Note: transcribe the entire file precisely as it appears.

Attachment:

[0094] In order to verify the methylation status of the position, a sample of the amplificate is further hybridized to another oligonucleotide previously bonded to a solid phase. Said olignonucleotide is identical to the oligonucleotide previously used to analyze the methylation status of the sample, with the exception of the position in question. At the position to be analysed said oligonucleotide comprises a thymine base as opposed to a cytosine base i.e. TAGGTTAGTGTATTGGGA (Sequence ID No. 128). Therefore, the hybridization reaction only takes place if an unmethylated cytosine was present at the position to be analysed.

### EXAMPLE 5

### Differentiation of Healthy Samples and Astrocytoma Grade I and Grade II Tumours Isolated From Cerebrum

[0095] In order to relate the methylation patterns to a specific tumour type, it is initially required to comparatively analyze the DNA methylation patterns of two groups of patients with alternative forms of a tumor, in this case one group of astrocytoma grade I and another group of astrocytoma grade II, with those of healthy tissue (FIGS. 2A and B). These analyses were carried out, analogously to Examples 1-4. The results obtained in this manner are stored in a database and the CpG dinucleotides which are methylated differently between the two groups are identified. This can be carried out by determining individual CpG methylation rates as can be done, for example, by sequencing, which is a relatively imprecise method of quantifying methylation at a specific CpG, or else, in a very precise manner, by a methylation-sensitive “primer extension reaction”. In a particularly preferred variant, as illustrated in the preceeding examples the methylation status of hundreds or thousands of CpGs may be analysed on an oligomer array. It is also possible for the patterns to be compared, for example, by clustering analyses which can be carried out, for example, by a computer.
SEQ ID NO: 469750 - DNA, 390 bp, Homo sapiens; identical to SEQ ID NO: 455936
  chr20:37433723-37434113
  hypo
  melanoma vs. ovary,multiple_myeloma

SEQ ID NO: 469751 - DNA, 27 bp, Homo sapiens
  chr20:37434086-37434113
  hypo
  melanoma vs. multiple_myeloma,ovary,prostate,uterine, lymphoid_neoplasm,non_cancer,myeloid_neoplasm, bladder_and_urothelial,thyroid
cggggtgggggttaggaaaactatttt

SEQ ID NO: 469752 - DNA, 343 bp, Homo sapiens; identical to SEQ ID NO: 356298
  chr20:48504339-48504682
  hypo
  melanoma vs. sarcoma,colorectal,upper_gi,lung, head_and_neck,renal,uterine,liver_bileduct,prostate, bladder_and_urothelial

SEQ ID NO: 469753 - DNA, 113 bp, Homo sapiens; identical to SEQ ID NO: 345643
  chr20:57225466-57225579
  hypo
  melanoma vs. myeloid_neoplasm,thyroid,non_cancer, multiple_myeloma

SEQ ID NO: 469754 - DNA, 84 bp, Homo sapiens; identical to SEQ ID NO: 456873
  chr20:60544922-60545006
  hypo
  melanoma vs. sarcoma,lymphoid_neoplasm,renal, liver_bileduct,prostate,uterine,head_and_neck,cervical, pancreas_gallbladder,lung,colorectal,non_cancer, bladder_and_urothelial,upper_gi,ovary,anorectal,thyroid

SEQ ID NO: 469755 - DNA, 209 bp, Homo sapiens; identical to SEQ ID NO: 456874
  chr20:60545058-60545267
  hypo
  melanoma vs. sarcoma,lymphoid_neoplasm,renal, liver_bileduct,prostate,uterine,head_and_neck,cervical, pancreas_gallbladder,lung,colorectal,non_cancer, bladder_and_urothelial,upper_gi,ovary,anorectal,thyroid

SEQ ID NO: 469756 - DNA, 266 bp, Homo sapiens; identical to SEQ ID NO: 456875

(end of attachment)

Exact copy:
[0094] In order to verify the methylation status of the position, a sample of the amplificate is further hybridized to another oligonucleotide previously bonded to a solid phase. Said olignonucleotide is identical to the oligonucleotide previously used to analyze the methylation status of the sample, with the exception of the position in question. At the position to be analysed said oligonucleotide comprises a thymine base as opposed to a cytosine base i.e. TAGGTTAGTGTATTGGGA (Sequence ID No. 128). Therefore, the hybridization reaction only takes place if an unmethylated cytosine was present at the position to be analysed.

### EXAMPLE 5

### Differentiation of Healthy Samples and Astrocytoma Grade I and Grade II Tumours Isolated From Cerebrum

[0095] In order to relate the methylation patterns to a specific tumour type, it is initially required to comparatively analyze the DNA methylation patterns of two groups of patients with alternative forms of a tumor, in this case one group of astrocytoma grade I and another group of astrocytoma grade II, with those of healthy tissue (FIGS. 2A and B). These analyses were carried out, analogously to Examples 1-4. The results obtained in this manner are stored in a database and the CpG dinucleotides which are methylated differently between the two groups are identified. This can be carried out by determining individual CpG methylation rates as can be done, for example, by sequencing, which is a relatively imprecise method of quantifying methylation at a specific CpG, or else, in a very precise manner, by a methylation-sensitive “primer extension reaction”. In a particularly preferred variant, as illustrated in the preceeding examples the methylation status of hundreds or thousands of CpGs may be analysed on an oligomer array. It is also possible for the patterns to be compared, for example, by clustering analyses which can be carried out, for example, by a computer.
SEQ ID NO: 469750 - DNA, 390 bp, Homo sapiens; identical to SEQ ID NO: 455936
  chr20:37433723-37434113
  hypo
  melanoma vs. ovary,multiple_myeloma

SEQ ID NO: 469751 - DNA, 27 bp, Homo sapiens
  chr20:37434086-37434113
  hypo
  melanoma vs. multiple_myeloma,ovary,prostate,uterine, lymphoid_neoplasm,non_cancer,myeloid_neoplasm, bladder_and_urothelial,thyroid
cggggtgggggttaggaaaactatttt

SEQ ID NO: 469752 - DNA, 343 bp, Homo sapiens; identical to SEQ ID NO: 356298
  chr20:48504339-48504682
  hypo
  melanoma vs. sarcoma,colorectal,upper_gi,lung, head_and_neck,renal,uterine,liver_bileduct,prostate, bladder_and_urothelial

SEQ ID NO: 469753 - DNA, 113 bp, Homo sapiens; identical to SEQ ID NO: 345643
  chr20:57225466-57225579
  hypo
  melanoma vs. myeloid_neoplasm,thyroid,non_cancer, multiple_myeloma

SEQ ID NO: 469754 - DNA, 84 bp, Homo sapiens; identical to SEQ ID NO: 456873
  chr20:60544922-60545006
  hypo
  melanoma vs. sarcoma,lymphoid_neoplasm,renal, liver_bileduct,prostate,uterine,head_and_neck,cervical, pancreas_gallbladder,lung,colorectal,non_cancer, bladder_and_urothelial,upper_gi,ovary,anorectal,thyroid

SEQ ID NO: 469755 - DNA, 209 bp, Homo sapiens; identical to SEQ ID NO: 456874
  chr20:60545058-60545267
  hypo
  melanoma vs. sarcoma,lymphoid_neoplasm,renal, liver_bileduct,prostate,uterine,head_and_neck,cervical, pancreas_gallbladder,lung,colorectal,non_cancer, bladder_and_urothelial,upper_gi,ovary,anorectal,thyroid

SEQ ID NO: 469756 - DNA, 266 bp, Homo sapiens; identical to SEQ ID NO: 456875